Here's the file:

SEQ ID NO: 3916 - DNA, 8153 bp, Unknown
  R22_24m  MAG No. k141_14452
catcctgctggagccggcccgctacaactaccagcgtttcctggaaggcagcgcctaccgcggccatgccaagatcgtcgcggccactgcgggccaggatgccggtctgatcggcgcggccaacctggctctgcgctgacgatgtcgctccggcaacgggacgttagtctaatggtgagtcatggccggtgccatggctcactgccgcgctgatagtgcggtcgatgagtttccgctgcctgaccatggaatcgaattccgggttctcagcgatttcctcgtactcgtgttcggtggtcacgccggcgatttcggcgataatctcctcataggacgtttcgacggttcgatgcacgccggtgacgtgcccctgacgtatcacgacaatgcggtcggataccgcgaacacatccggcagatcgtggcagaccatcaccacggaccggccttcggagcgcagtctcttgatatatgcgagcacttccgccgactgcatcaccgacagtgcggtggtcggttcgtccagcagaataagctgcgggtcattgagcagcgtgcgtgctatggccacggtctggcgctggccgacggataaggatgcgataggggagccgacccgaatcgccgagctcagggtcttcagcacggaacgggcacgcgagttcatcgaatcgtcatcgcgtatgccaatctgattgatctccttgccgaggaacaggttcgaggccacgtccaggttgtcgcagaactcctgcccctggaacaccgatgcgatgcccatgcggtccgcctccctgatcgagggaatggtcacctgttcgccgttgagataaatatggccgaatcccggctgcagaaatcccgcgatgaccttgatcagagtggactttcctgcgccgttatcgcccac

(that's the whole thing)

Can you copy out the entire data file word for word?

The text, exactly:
SEQ ID NO: 3916 - DNA, 8153 bp, Unknown
  R22_24m  MAG No. k141_14452
catcctgctggagccggcccgctacaactaccagcgtttcctggaaggcagcgcctaccgcggccatgccaagatcgtcgcggccactgcgggccaggatgccggtctgatcggcgcggccaacctggctctgcgctgacgatgtcgctccggcaacgggacgttagtctaatggtgagtcatggccggtgccatggctcactgccgcgctgatagtgcggtcgatgagtttccgctgcctgaccatggaatcgaattccgggttctcagcgatttcctcgtactcgtgttcggtggtcacgccggcgatttcggcgataatctcctcataggacgtttcgacggttcgatgcacgccggtgacgtgcccctgacgtatcacgacaatgcggtcggataccgcgaacacatccggcagatcgtggcagaccatcaccacggaccggccttcggagcgcagtctcttgatatatgcgagcacttccgccgactgcatcaccgacagtgcggtggtcggttcgtccagcagaataagctgcgggtcattgagcagcgtgcgtgctatggccacggtctggcgctggccgacggataaggatgcgataggggagccgacccgaatcgccgagctcagggtcttcagcacggaacgggcacgcgagttcatcgaatcgtcatcgcgtatgccaatctgattgatctccttgccgaggaacaggttcgaggccacgtccaggttgtcgcagaactcctgcccctggaacaccgatgcgatgcccatgcggtccgcctccctgatcgagggaatggtcacctgttcgccgttgagataaatatggccgaatcccggctgcagaaatcccgcgatgaccttgatcagagtggactttcctgcgccgttatcgcccac